Anti-Corruption Legislation in India: the discussion continues to heat up

I continue to share here some reports from the move in India towards establishing anti-corruption legislation – something which took a long time in Cambodia (see the references on 5 April 2011: Anti-Corruption Legislation on the Move). The Prime Minister had pledged that an anti-corruption law would be passed in June 2003, but the National Assembly failed to act on it at that time, so the Cambodian anti-corruption law was finally adopted only on 11 March 2010.

In India, this process took much longer – and it is not yet finished. Anti-corruption drafts had been brought to the Indian parliament 8 times during the past 42 years, but it never led to a vote to make them law. This is one aspect which helps to understand the present agitation. Especially also the insistence of its leader, the social activist Anna Hazare, to have a deadline set of 30 June 2011 for the drafting of a new anti-corruption bill – “Lokpal Bill – Ombudsman Bill” – to be completed. And if Parliament is not going to pass the bill by 15 August 2011, he announced that the people’s movement will continue with agitation.

After the passing of an anti-corruption law had been delayed for more than four decades it is no surprise that there is now again resistance building up – and on the other side there are efforts to definitely have useful results in time for the next session of parliament. Anna Hazare announced his strategy for the near future: “If the government again delays the bill in Parliament after preparation of the draft, we will launch the agitation once again…the bill was brought before Parliament eight times in 42 years but it could not be enacted. Then there is no other way out except agitation.”

In this respect it is important to note that this movement of popular agitation – a “people’s movement” – is not related to any political party, and its leaders do not stand for election into government positions.

One of the five ministers on the drafting committee for a new anti-corruption law, Minister of Telecommunication Kapil Sibal had expressed doubt that an anti-corruption law would make any difference: “I ask this question, if a poor child does not have any means for education, then how will Lokpal Bill help? If a poor man needs help for medical services, then he will call up a politician? How will Lokpal Bill help?” – which was obviously not addressing the problem of corruption, which the new legislation is aiming at. Hazare’s response was public and quick: “If Sibal feels that nothing will happen due to the Lokpal Bill then he should resign from the joint committee as soon as possible. Why is he wasting his and our time?” In response, the Minister of Telecommunication had to admit that his remark was off the point: explaining he had meant that the scope of the bill and the problems of the common man are different.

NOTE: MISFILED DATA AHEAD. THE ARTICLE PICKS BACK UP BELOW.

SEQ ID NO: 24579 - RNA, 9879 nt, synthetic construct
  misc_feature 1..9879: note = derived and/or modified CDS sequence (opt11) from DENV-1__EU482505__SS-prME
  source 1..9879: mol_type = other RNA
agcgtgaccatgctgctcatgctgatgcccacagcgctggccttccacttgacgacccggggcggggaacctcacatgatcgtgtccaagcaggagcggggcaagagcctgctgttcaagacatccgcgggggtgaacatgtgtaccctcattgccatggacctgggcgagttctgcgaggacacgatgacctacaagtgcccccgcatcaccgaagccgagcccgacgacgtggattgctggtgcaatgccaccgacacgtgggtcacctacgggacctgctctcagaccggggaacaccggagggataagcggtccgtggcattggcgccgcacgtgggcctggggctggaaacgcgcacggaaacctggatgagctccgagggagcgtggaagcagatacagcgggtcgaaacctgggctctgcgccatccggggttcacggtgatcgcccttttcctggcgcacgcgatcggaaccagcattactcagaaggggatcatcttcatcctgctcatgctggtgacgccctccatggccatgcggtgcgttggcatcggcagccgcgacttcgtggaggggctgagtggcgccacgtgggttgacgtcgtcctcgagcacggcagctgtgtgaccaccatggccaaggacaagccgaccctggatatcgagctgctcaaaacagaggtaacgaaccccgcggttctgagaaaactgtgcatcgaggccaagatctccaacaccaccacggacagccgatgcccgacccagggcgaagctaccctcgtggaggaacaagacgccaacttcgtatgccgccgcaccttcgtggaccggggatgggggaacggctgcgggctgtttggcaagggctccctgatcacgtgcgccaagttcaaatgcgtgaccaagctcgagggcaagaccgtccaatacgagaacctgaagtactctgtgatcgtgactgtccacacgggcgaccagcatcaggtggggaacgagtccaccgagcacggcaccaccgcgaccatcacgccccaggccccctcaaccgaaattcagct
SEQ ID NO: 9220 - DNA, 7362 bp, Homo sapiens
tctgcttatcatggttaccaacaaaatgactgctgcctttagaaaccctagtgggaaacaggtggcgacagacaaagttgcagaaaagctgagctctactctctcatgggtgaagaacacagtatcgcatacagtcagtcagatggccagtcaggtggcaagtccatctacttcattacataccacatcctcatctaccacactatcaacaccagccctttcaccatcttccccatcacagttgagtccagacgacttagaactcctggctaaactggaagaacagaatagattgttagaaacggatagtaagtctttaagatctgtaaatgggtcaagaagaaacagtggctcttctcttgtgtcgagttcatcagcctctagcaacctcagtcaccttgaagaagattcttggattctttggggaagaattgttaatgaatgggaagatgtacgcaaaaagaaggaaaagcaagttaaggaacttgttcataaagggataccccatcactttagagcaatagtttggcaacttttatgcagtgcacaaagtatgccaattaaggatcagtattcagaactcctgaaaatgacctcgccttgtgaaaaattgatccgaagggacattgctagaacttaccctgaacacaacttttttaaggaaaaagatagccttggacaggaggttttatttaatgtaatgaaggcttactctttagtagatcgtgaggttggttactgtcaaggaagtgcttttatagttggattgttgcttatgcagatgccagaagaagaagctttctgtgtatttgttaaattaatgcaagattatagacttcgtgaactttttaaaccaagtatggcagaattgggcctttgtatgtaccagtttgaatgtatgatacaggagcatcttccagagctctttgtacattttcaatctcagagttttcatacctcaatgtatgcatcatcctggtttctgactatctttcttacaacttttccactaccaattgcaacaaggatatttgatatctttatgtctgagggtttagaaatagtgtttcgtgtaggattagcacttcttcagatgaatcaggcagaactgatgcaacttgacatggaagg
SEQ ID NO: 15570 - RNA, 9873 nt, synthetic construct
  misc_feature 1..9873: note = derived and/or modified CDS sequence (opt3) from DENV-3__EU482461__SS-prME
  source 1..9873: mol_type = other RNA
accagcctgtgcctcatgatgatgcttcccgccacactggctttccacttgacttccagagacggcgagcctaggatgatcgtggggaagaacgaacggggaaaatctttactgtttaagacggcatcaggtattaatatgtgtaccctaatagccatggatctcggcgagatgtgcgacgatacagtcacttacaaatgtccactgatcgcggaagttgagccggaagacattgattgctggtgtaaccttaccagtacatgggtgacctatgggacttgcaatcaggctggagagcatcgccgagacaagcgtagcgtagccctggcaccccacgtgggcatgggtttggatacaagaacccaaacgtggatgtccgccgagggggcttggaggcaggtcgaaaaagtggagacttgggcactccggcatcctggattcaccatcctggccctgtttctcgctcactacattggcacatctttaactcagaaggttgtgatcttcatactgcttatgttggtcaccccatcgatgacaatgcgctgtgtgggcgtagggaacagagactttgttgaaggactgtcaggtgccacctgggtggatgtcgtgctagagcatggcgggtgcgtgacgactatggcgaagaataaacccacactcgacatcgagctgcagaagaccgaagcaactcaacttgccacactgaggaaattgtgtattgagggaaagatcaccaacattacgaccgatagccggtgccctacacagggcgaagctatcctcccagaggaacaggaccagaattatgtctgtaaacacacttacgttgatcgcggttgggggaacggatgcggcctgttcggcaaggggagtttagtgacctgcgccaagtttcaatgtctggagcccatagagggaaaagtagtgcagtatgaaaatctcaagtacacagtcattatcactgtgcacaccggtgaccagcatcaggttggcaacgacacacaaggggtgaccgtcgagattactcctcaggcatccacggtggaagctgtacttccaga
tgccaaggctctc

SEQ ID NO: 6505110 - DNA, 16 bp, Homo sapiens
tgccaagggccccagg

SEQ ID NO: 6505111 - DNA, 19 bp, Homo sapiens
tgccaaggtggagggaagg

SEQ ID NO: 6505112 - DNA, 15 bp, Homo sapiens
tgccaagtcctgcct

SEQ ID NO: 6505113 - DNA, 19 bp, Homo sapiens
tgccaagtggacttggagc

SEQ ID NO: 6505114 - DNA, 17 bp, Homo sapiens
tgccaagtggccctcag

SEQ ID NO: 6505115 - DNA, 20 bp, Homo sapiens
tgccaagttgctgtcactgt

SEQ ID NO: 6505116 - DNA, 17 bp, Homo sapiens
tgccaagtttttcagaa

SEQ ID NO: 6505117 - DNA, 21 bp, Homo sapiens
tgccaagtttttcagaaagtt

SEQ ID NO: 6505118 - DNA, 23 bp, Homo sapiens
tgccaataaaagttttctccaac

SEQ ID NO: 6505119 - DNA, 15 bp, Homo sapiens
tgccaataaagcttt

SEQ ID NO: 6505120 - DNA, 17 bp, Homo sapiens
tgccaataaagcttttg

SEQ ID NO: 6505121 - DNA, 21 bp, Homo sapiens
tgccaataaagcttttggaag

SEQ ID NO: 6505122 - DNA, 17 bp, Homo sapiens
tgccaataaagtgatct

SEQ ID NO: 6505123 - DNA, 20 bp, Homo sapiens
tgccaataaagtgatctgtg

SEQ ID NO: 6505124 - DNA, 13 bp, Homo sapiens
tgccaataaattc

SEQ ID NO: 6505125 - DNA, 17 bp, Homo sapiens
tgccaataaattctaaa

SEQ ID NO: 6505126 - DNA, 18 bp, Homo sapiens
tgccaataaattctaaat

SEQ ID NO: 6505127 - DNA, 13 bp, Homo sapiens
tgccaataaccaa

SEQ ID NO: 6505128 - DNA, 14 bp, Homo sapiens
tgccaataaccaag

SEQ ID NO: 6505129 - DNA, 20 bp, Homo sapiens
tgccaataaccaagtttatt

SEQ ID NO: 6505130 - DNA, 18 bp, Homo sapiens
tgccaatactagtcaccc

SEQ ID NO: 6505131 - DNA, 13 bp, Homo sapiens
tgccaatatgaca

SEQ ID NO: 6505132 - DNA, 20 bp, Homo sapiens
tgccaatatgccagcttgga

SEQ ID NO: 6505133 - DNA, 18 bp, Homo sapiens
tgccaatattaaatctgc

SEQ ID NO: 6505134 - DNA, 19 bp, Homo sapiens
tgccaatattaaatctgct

A heavily controversial element of the proposals by Anna Hazare is his request that the process of drafting the bill should be videotaped and made public to ensure complete transparency: “The procedure will be totally transparent, from its formulation to the time after it is passed… If people notice any shortcoming they can point it out.”

It is interesting to observe how this exercise in transparency will proceed in India, the country often called “the world’s largest democracy.”

Transparency International prefaced its 2010 survey on the Corruption Perception Index for 178 countries with these words:

With governments committing huge sums to tackle the world’s most pressing problems, from the instability of financial markets to climate change and poverty, corruption remains an obstacle to achieving much needed progress. The 2010 Corruption Perceptions Index shows that nearly three quarters of the 178 countries in the index score below five, on a scale from 10 (highly clean) to 0 (highly corrupt). These results indicate a serious corruption problem.

On top of the list sharing the Position 1– “highly clean” – are three countries, Denmark, New Zealand, and Singapore, all three with the Index of 9.3

India is on Position 87 with an Index of 3.3

Cambodia is on Position 154 with an Index of 2.1

At the end of the list is a country under internal war since many years:
Somalia is on Position 178 with an Index of 1.1

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